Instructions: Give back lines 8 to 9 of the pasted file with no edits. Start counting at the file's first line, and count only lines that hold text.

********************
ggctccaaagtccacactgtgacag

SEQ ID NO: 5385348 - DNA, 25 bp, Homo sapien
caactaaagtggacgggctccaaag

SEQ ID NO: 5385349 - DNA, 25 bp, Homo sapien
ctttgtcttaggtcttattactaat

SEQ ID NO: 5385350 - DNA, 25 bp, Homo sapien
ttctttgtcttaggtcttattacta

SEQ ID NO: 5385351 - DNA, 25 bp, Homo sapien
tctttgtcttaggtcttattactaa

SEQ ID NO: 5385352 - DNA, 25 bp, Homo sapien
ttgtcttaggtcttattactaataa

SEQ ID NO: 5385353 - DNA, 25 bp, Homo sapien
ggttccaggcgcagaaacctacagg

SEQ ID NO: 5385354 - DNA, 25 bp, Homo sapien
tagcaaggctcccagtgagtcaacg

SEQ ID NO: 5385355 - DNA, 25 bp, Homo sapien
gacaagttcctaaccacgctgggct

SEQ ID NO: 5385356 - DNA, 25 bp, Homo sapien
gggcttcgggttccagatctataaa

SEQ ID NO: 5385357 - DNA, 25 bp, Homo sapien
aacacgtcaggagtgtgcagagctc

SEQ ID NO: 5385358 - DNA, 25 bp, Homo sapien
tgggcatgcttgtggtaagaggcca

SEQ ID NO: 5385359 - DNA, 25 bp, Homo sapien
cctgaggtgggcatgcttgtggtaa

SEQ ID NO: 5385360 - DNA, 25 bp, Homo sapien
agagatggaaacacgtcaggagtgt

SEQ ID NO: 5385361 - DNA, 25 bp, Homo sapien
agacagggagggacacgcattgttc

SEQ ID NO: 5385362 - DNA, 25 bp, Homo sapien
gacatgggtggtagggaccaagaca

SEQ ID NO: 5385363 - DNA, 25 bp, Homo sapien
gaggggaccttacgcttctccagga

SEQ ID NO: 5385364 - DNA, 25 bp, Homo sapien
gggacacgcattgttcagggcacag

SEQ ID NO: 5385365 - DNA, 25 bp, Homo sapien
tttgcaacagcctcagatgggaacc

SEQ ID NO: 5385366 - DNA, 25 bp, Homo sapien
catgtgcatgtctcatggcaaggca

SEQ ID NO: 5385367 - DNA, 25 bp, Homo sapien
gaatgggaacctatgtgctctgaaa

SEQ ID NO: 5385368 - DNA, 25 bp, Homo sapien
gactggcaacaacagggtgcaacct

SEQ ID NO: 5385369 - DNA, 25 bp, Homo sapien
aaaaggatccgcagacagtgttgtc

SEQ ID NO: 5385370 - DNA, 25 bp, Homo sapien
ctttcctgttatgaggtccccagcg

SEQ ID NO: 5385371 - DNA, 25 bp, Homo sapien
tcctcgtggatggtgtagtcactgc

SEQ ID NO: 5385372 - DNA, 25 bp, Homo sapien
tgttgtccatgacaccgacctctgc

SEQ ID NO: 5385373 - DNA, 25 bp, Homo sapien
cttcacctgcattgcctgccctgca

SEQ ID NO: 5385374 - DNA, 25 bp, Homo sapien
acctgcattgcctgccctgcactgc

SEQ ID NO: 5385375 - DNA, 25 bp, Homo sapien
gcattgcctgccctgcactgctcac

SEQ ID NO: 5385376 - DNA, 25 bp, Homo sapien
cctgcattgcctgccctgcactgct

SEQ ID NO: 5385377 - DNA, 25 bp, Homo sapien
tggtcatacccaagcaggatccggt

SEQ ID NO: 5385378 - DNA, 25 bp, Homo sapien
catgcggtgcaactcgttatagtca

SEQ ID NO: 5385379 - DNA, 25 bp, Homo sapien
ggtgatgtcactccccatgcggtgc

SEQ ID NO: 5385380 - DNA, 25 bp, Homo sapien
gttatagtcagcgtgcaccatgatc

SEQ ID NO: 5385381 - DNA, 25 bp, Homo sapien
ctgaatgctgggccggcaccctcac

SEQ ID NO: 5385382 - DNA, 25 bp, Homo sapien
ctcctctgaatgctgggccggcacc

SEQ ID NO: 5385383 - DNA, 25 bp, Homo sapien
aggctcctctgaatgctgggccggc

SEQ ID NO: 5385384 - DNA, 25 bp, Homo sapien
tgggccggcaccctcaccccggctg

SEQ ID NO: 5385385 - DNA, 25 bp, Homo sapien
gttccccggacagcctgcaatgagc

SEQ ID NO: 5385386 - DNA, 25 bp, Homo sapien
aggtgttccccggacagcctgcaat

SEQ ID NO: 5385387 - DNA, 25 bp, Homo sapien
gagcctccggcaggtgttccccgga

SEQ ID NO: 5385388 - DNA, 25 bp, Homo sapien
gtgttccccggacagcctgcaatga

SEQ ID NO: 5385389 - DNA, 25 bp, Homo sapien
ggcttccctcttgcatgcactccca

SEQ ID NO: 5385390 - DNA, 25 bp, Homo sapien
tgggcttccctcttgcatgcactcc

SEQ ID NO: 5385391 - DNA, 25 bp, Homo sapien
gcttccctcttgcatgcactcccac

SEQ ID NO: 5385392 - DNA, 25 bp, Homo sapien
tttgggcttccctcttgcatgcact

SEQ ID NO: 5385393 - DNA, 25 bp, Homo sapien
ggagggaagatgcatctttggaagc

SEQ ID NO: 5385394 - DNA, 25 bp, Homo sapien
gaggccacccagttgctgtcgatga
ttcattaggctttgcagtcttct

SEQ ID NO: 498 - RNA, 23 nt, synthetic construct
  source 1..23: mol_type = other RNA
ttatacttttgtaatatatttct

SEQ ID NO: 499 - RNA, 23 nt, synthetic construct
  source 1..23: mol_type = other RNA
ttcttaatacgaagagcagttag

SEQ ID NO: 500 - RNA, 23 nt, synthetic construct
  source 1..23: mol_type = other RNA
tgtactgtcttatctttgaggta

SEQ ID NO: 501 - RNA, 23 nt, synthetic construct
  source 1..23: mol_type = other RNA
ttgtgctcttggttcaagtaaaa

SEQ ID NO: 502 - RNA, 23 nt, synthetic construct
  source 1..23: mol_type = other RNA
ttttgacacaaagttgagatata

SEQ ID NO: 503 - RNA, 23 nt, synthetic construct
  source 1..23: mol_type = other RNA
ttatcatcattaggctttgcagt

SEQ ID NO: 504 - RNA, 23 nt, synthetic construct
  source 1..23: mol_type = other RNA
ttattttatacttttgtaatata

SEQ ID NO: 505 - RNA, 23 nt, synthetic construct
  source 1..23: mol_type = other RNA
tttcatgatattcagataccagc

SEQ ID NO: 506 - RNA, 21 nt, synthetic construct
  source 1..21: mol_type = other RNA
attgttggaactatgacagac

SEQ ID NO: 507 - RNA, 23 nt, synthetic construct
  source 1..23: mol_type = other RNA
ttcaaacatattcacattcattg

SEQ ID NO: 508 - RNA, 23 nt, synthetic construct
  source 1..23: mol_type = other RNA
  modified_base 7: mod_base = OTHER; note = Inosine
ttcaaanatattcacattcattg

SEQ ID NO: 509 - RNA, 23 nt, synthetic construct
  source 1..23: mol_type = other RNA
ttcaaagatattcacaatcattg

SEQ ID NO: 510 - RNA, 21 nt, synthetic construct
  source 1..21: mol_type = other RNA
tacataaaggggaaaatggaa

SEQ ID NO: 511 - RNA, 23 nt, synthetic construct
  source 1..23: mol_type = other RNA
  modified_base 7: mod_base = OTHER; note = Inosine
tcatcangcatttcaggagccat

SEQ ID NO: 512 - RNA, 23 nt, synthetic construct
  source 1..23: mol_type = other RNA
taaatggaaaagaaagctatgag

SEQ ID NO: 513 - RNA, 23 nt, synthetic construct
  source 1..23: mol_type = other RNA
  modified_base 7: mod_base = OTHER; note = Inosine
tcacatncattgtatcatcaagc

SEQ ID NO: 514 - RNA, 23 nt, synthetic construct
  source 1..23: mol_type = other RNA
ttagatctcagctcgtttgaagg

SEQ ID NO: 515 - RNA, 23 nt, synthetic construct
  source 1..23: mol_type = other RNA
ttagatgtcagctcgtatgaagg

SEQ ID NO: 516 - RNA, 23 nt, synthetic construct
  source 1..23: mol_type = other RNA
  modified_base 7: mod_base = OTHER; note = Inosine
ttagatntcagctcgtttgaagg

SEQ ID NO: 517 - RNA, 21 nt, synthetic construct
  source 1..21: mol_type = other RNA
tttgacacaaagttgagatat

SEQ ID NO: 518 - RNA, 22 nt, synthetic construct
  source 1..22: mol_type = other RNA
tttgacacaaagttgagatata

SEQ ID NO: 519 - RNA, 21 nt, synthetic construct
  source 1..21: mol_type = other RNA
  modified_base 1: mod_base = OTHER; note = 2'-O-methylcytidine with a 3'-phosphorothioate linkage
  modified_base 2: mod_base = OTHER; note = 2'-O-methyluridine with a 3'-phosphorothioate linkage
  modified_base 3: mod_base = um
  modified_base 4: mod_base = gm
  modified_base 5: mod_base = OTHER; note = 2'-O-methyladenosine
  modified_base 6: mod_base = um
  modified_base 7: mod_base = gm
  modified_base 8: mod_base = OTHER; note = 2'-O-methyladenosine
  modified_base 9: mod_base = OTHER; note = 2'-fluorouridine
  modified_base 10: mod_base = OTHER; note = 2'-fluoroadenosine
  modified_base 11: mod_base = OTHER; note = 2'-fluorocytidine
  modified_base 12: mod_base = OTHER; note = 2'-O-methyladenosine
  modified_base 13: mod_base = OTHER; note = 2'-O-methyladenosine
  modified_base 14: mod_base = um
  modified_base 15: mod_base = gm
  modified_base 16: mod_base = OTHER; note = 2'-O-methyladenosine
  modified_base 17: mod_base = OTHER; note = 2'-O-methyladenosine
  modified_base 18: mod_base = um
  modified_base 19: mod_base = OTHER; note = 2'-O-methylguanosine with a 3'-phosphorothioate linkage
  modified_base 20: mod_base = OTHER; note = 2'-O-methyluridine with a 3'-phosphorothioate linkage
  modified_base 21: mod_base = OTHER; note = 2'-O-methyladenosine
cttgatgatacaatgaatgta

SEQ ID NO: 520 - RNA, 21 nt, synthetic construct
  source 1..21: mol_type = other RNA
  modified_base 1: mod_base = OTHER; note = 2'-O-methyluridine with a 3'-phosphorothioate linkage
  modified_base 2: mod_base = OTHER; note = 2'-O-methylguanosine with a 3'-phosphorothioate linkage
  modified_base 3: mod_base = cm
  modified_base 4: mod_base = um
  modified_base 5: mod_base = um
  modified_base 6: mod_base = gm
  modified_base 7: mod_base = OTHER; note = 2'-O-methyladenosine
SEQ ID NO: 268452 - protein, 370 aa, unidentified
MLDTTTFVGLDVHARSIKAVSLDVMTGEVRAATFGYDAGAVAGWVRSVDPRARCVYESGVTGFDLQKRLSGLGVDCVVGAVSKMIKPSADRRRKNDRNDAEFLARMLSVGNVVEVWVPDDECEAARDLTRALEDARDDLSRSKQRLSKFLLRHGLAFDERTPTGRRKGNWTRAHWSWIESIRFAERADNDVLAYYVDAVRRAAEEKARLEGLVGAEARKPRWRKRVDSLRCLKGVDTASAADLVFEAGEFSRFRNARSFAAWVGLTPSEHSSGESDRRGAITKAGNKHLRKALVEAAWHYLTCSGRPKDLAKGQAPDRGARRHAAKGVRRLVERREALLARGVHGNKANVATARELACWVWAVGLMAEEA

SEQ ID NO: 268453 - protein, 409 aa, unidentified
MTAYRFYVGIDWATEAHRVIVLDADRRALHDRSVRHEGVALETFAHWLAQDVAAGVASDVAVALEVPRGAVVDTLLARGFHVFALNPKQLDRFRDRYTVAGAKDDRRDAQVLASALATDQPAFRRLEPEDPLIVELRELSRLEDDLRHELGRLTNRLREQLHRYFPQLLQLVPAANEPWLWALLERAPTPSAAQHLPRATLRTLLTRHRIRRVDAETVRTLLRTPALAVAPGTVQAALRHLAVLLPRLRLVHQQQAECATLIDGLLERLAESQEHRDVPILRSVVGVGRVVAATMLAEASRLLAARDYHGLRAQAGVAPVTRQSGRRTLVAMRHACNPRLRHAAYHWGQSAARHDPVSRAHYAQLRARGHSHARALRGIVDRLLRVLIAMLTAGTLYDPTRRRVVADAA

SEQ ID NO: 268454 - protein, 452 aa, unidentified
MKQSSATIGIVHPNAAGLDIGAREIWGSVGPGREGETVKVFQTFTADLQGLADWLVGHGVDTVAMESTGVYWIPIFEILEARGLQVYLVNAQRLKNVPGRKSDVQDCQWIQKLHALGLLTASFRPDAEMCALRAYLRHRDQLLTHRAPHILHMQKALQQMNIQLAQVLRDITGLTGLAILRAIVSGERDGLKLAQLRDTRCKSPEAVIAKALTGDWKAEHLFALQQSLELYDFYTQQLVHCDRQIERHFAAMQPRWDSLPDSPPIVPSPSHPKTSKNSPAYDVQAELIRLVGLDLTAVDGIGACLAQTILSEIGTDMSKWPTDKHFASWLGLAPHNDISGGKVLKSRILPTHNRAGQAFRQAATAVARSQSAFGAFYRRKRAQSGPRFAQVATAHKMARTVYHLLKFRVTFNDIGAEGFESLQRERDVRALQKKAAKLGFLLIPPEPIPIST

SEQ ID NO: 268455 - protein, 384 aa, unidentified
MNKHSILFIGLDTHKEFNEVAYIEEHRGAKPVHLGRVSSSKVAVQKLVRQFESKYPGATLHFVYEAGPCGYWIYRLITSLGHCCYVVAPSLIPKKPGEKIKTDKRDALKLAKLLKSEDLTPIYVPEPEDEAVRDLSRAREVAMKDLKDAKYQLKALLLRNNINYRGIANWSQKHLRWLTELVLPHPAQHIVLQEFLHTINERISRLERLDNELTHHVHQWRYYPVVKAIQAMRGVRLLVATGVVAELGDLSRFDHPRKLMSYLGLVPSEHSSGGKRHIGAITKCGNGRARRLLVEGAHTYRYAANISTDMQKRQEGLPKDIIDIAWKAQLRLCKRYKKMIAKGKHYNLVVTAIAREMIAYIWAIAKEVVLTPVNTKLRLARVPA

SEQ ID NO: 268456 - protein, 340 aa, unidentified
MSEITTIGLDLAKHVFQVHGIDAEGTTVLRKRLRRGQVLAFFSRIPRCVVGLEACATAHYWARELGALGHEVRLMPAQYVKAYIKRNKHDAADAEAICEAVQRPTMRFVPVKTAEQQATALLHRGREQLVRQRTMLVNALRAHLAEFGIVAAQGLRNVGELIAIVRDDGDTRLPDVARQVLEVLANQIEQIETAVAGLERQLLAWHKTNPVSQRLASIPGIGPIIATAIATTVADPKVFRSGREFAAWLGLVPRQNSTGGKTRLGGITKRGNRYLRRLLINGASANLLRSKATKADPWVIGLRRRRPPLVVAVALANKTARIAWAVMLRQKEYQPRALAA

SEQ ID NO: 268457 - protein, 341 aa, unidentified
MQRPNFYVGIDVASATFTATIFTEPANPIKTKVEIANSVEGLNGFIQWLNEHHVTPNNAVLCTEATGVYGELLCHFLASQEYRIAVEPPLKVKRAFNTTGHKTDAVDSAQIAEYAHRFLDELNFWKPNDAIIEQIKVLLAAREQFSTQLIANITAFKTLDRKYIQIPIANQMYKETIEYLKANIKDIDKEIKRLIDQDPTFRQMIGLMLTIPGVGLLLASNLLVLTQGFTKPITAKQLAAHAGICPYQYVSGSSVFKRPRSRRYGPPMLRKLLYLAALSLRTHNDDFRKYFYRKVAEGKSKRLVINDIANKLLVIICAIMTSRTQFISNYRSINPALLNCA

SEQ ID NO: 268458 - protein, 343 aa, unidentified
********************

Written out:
SEQ ID NO: 5385351 - DNA, 25 bp, Homo sapien
tctttgtcttaggtcttattactaa